Mormonism: Scene in a Stage Coach


Christian Watchman Z---a.

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Z—a. “Mormonism: Scene in a Stage Coach.” Christian Watchman (Boston) 18, no. 18 (5 May 1837): 1. Reprinted from Buffalo Spectator, circa April 1837.

From the Buffalo Spectator.



Soon after I took my seat, I ascertained there was a Mormon in the stage, and that he was one of their preachers: from which circumstance, I was led to hope that he was a man of sufficient substance to feel an argument. As soon as a favorable opportunity presented itself, I introduced the subject, by saying that I wished for some information which I presumed he could give, respecting the mode of defending their scheme, against certain objections that were brought against it,—and which, could they be brought against the christian religion, I could not answer, nor could I receive this religion with its claims, as having come from God.

I begged of him, therefore, at the outset, to answer the following questions: as they contained principles upon which all I had to say of Mormons or Mormonism, was founded. “In proving the scriptures of the Old and New Testaments to be from God, do we not place much reliance on that which is called internal evidence?” He could not answer, for it was apparent to all, he did not know what was internal testimony. I asked again, “Do we not depend on that which is properly circumstantial evidence?” Here again he attempted to reply, without discovering to us all, his utter ignorance of the meaning of the terms; but that was impossible. He showed himself a perfect baby here. I next shaped my question, so as to give an example of the kind of argument to which I referred. “Do you not know,” said I, “that a book, which should lay claim to high antiquity, pretending to contain an account of what had taken place six or eight hundred years ago, should it contain such terms as “gunpowder, steam-engine, or rail-road car,” would not need any other proof of its falsity, since it is impossible, in the very nature of things, for those terms to exist before the things for which they stand;—unless an effect can exist before its cause?” Here, again, he refused to say, “yea,” or “nay,” for reasons best known to himself.

After waiting some time, I put to him a plainer case:—“Suppose this man by my side pulls out of his pocket a book, which he pronounces a faithful account of certain enterprises which were said to have been undertaken in the reign of the Czars—in the course of the narration, it was found necessary to use the terms, “mariner’s compass,” in the way they are frequently used at the present day;—should I not be authorized to declare, as soon as my eye caught a glimpse of these terms, “Sir, your story is false?” The mariner’s compass was not in being then: the terms themselves are proof that your whole story is a fabrication.”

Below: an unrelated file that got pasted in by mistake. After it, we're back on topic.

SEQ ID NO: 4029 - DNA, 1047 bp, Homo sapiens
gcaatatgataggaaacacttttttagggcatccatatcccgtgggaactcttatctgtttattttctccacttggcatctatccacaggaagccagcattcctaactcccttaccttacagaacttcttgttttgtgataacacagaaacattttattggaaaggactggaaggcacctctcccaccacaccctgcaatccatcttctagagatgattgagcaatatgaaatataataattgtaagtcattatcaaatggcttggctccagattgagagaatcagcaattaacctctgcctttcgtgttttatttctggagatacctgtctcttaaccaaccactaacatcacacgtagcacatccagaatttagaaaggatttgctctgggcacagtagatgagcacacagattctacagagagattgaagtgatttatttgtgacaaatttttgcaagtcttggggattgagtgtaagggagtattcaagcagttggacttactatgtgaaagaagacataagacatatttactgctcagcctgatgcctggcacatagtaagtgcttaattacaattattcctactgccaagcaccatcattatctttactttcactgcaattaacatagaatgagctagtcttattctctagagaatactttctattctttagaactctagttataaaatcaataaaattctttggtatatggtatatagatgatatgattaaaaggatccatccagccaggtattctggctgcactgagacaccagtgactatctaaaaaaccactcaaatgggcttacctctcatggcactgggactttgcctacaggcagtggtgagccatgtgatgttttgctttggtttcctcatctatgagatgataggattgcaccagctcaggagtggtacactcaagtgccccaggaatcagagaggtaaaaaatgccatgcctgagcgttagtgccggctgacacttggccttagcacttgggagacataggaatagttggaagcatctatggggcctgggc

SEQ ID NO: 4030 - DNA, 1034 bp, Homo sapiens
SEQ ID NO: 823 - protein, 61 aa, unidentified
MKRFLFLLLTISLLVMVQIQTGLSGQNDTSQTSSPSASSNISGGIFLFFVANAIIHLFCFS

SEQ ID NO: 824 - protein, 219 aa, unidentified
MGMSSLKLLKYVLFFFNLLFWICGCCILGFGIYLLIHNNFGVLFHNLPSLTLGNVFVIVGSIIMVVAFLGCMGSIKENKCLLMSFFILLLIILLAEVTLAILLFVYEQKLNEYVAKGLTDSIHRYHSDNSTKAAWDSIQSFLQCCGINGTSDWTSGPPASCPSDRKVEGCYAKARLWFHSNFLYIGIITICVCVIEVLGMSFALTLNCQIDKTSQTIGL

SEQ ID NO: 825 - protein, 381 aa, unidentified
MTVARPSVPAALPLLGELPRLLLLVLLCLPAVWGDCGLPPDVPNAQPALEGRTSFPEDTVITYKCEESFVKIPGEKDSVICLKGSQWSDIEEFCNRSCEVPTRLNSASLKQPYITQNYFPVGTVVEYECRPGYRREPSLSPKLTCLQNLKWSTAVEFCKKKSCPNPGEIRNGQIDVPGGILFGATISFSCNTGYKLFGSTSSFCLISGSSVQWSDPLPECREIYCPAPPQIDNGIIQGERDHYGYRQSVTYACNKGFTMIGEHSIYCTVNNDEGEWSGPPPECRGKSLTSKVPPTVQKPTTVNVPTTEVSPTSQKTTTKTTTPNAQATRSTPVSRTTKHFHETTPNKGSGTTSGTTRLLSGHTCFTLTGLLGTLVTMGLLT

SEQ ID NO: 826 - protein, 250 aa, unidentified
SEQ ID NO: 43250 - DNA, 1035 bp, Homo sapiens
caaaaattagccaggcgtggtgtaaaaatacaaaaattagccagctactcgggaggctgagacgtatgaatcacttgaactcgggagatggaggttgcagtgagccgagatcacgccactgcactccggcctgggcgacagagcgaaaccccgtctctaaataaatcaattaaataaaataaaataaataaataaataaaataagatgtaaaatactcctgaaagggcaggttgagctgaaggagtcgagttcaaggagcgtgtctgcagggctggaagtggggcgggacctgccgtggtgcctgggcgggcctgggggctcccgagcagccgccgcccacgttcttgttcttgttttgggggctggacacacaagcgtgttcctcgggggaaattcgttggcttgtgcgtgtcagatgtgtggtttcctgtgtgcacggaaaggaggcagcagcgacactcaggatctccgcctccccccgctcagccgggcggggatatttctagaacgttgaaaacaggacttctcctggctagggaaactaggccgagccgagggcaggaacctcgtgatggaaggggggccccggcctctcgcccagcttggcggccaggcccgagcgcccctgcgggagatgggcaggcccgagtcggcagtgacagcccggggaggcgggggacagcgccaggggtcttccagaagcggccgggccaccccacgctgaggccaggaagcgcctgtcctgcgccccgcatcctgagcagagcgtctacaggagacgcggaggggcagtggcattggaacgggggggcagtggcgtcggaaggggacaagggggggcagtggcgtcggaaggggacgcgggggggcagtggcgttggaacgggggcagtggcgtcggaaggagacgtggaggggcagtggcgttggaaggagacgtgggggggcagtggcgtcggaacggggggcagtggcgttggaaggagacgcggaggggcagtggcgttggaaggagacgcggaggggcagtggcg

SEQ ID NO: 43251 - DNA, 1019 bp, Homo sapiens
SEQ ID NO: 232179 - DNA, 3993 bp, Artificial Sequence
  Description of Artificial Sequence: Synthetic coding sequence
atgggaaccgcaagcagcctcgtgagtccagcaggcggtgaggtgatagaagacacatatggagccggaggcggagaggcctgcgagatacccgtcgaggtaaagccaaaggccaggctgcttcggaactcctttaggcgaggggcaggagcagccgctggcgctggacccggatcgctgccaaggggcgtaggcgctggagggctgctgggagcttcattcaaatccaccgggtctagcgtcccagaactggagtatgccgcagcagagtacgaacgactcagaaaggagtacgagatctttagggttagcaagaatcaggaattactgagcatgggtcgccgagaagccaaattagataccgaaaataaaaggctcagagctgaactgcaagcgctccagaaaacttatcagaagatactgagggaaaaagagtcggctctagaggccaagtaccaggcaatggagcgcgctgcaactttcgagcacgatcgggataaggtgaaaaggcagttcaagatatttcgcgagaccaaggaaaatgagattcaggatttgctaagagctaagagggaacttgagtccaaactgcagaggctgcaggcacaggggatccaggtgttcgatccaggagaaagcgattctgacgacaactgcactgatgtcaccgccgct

His answers from first to last indicated a pitiable ignorance of every thing that pertains to correct reasoning. He neither knew what was internal evidence, nor what was external: Nay, he did not know any thing; he would hesitate, and stammer, then unsay what he had just said, then advance, then retire from what he had just advanced,—till sick of the silly enterprise of undeceiving a fool, I told him I was deceived, disappointed, chagrined, and mortified, as I had expected, from the circumstance that he was one of the priesthood, that I should find him capable of discerning his right hand from his left. He replied, by saying, it was not the first time he had been called a fool. I could not help feeling a strong desire, that after being told it a few times more, he would believe it.

Some of the passengers expressed a desire that I should point out the circumstances which I had in mind, and which appeared to me abundant proofs of the falsity of the whole Mormon story.

I stated that I had read the book of Mormon enough to find in the terms, “gunpowder, mariner’s compass,” and several others of recent origin, introduced into a silly story of the exploits of one “Nephi,” who, it appears, was rather a conspicuous character in the affair, and the story related to events which were said to have transpired about the time of Cyrus, say seven or eight hundred years before Christ! There are also references to pistols and other fire arms; and, what caps the climax for absurdity, we find a literal quotation from Shakspeare, in a narration of an occurrence some six or seven hundred years before the Christian era. When I named this, the passengers burst into an involuntary laugh, and one which was something increased by the poor Mormon, who remarked, that he presumed the line to which I referred, was borrowed by Shakspeare himself from the book of Mormon!!

This idea, I confess, had so much of the novel about it, that I could not help joining with them in the laugh; the poor Mormon came in last and joined most heartily, when it appeared so manifest, that both he and his scheme were perfectly alike in respect to substance—nothing but wind—that I gave it up. Indeed, I felt a degree of shame that I had gone out to hunt so small game, that I had bent my bow and filled my hand with arrows, and gone forth to war with a wren.

This feeling was not a little increased, by hearing him declare, as he did in the course of a few hours, that he regarded Jo Smith as standing on the same level with Moses! except that Jo, was the better man of the two!!


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